The proficiency of the endoscopist is an essential factor due to the complex methodology of EBUS-TBNA and the importance of collecting an adequate diagnostic sample. The American Thoracic Society (ATS), European Respiratory Society (ERS), and the American College of Chest Physicians (CHEST) recommend that an endoscopist should perform at least 40–50 procedures under supervision to acquire initial competence, then 20–25 procedures per year to maintain these skills [30,31], which has been supported in other studies [32]. A 2015 study reported a median of 212 procedures should be performed to obtain the necessary experience and technical skills in EBUS-TBNA [33], which is consistent with the British Thoracic Society recommendations that emphasize the differences in the learning curves of trainees [34]. EBUS-TBNA accuracy in diagnosis significantly relies on the efficiency of the technique used to carry out the procedure. As has been described, training with EBUS-TBNA can be heterogenous, depending on factors like sedation type and lymph node size [35]. Our results are in concordance with these findings showing that the performance of the endoscopist has a pivotal role in the procedure’s results [36,37,38,39].
EBUS for diagnosis of LN stations has been repeatedly investigated in comparison to mediastinoscopy with satisfying sensitivity (81% vs. 79%), specificity (100% vs. 100%), negative predictive value (91% vs. 90%), and diagnostic accuracy (93% vs. 93%) [40]. EBUS-TBNA sensitivity (76.9%, 80.0%, and 92.3%, respectively) and specificity (55.3%, 70.1%, and 100%, respectively) are significantly higher when compared to CT and PET scans [41]. Some studies have used EBUS-TBNA as a reference in evaluating the efficiency of diagnostic imaging techniques such as PET-CT scans [42].
The ability to combine EBUS with rapid on-site evaluation (ROSE) has led to a decreased length of procedures and fewer passes for biopsies. Harangus et al. investigated ROSE in conjunction with EBUS to evaluate the optimization of the procedure. The authors achieved adequate tissue sampling in 100% of their cases when evaluating for EGFR and ALK mutations. They found that ROSE allowed for a highly sensitive (92%) adjunct to EBUS with an equally high positive predictive value (93%) that clinicians could use to predict the final tissue diagnosis in cases of NSCLC [43]. Thus, the utility of ROSE should be further investigated in conjunction with EBUS, as it can increase procedural value by reducing examination length, reducing the number of associated biopsies needed, permitting rapid preliminary diagnosis, and securing adequate tissue samples.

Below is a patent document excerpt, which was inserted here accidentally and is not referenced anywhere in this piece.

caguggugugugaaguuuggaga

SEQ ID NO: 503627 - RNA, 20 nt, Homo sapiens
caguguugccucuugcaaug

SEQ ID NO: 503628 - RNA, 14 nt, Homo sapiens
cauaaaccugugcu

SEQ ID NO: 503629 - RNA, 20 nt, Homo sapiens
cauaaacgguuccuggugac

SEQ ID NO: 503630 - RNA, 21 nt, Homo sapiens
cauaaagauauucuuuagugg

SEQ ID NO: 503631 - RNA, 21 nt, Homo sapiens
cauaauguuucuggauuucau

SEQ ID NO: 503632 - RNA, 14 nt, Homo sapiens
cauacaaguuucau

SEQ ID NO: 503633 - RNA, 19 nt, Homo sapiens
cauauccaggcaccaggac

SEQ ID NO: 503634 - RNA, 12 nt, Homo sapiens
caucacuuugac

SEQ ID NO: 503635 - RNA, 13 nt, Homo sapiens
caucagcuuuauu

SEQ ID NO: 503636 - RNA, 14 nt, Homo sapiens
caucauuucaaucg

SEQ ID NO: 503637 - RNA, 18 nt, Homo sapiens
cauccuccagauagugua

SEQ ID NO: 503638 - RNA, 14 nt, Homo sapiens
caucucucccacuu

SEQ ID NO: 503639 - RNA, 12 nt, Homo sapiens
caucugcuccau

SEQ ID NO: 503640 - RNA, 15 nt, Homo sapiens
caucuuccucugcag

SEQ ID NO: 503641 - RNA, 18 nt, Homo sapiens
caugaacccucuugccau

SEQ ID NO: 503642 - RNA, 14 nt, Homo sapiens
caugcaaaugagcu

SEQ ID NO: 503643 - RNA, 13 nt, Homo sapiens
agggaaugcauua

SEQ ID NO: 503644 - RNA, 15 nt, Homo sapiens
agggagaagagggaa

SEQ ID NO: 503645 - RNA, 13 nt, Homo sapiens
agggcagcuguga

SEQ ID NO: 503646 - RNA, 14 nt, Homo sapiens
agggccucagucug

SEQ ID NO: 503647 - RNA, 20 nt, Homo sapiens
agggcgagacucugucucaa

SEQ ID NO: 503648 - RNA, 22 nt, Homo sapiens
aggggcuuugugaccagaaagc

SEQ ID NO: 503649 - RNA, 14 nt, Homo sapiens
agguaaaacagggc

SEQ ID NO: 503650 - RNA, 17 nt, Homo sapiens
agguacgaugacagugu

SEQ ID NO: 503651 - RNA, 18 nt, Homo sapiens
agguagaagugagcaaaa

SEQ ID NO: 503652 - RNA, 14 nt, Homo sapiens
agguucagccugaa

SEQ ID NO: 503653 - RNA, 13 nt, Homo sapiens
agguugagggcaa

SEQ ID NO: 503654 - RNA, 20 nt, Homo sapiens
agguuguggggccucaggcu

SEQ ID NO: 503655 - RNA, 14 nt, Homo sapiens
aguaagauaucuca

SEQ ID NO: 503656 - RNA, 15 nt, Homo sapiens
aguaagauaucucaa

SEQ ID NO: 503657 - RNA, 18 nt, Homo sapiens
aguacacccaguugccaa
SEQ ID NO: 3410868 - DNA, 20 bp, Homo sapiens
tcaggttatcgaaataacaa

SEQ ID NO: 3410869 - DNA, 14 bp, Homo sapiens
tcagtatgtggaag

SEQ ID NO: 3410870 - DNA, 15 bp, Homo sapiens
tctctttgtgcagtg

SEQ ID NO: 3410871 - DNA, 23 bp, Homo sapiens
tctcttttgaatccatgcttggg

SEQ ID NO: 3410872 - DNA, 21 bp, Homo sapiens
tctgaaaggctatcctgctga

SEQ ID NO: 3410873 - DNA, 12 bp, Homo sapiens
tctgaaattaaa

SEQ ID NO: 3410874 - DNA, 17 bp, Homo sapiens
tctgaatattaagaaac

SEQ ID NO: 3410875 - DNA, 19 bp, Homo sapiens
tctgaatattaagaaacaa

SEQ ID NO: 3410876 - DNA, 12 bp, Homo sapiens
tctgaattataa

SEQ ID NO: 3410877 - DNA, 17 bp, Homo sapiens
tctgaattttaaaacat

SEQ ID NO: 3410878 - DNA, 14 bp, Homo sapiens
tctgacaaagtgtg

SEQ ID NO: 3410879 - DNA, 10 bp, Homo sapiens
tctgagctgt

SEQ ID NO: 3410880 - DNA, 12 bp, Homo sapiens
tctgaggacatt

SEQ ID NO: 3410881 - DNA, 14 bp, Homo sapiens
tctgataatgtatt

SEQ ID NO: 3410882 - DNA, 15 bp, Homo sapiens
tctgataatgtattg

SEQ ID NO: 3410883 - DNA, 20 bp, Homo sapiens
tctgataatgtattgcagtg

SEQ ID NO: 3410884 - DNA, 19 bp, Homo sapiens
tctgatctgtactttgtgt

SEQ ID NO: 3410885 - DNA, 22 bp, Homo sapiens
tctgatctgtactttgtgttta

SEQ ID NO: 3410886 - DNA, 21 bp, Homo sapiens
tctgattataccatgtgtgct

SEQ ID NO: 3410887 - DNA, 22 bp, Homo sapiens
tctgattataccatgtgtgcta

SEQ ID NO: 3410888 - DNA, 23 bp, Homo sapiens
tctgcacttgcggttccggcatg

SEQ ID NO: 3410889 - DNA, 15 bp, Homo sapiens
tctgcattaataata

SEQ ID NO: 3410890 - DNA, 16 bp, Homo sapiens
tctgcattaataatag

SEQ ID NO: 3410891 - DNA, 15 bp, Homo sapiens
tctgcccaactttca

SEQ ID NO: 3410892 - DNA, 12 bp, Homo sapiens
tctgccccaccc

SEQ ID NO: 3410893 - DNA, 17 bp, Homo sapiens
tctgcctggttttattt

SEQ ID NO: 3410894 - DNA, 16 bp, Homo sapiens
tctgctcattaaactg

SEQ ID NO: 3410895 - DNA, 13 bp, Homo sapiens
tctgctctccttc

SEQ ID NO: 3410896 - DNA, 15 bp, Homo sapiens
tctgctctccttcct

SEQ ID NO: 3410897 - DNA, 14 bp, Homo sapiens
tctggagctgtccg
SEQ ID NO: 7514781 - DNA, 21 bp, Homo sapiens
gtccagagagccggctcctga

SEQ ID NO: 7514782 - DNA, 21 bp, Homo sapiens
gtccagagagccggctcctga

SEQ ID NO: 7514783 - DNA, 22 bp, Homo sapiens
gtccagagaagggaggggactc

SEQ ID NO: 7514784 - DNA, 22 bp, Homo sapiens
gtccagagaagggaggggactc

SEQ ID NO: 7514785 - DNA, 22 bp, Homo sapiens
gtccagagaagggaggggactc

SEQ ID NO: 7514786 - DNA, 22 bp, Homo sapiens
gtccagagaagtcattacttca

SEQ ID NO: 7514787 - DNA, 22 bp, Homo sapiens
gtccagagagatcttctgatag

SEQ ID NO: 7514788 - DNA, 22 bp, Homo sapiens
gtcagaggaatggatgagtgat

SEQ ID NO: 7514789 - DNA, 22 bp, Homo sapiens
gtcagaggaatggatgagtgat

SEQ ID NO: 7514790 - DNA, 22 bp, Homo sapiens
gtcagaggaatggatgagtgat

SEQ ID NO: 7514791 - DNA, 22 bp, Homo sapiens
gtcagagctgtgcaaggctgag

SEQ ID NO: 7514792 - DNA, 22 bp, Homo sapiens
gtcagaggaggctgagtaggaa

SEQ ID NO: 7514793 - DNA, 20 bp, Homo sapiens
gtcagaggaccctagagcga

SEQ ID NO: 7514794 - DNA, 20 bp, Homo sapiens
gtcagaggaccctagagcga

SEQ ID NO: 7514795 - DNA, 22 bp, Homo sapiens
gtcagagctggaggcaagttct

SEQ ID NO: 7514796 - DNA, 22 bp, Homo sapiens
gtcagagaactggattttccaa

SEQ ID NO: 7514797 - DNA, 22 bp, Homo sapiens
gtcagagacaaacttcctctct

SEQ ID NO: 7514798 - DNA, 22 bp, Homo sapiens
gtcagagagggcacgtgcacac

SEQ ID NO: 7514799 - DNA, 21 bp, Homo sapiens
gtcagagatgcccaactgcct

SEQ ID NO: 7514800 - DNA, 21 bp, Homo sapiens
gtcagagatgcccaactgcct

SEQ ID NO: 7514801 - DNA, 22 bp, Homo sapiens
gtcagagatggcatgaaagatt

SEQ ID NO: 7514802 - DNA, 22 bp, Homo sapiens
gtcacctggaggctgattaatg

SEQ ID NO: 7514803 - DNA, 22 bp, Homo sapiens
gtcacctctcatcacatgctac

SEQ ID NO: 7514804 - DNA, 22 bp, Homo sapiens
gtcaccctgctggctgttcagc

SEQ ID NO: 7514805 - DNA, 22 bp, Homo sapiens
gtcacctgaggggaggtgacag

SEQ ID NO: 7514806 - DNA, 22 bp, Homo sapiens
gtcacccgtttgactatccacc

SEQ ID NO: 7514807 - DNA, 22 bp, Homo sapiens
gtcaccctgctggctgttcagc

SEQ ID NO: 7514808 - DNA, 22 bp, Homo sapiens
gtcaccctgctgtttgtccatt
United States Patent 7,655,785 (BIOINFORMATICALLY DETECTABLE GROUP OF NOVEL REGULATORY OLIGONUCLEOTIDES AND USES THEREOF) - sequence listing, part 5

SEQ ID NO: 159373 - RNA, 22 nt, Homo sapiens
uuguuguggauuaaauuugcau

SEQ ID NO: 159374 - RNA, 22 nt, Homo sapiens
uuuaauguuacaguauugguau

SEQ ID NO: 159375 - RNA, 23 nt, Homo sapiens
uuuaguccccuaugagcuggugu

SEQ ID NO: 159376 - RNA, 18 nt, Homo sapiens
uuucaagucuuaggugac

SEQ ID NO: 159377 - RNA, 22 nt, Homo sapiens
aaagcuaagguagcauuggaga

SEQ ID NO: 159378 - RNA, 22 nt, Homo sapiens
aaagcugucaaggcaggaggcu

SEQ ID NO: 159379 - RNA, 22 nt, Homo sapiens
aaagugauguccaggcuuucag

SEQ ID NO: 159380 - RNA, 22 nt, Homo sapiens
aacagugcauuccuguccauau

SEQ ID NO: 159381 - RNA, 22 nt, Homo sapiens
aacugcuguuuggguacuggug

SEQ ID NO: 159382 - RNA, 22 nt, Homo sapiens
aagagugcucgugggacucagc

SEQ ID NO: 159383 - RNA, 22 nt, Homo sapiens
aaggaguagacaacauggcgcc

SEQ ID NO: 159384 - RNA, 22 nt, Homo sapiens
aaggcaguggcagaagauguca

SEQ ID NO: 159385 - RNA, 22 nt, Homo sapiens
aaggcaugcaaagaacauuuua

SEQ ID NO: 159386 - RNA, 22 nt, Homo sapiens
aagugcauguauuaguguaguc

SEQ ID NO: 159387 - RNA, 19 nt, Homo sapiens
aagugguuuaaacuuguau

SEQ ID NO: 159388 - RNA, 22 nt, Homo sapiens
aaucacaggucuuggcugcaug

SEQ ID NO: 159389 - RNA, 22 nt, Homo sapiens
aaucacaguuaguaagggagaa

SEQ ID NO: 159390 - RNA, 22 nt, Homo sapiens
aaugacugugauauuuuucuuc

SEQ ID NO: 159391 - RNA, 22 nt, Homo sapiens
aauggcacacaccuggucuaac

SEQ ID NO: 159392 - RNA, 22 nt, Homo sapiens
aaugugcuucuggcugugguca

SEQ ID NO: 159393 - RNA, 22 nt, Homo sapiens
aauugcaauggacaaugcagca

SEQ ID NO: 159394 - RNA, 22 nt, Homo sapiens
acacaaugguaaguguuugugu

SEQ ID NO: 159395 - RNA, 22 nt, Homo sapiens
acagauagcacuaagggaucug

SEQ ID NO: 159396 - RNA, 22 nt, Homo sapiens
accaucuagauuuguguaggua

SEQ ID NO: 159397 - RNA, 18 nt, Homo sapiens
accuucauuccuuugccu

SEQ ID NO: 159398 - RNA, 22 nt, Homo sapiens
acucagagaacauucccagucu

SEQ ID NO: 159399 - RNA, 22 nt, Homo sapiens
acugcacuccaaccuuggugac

One aspect of EBUS that requires further study is the standardization, or lack thereof, associated with the procedure. There are currently no defined criteria by which tissue adequacy can be repeatedly determined. A retrieved tissue sample is generally considered “adequate” when a diagnosis can be made, but this relative term leaves room for interpretation and lack of uniformity. Thus, efforts should be made to standardize the definition of “adequate” regarding tissue sampling to allow for a more congruent implementation across the clinical and scientific community.


The main limitation of our retrospective study was the inadequate data on molecular profiling that has been the cornerstone for treatment decisions in patients with advanced NSCLC. We plan further studies to assess tissue adequacy in relation to the full panel of molecular profiling in a subset of patients.

5. Conclusions

Most patients who underwent EBUS had adequate tissue samples available for diagnosis. Since no correlation was found between PET positivity and tissue adequacy for diagnosis by EBUS, we recommend that PET scans and EBUS-TBNA should be used in a complementary manner for proper diagnosis and staging in patients with NSCLC. Regarding tissue adequacy, the most reliable samples were attained by an IP-trained operator, followed by an operator with more than five years of experience. Our results underscore the importance of employing a highly trained operator, particularly one with a specific focus on the biopsied organ.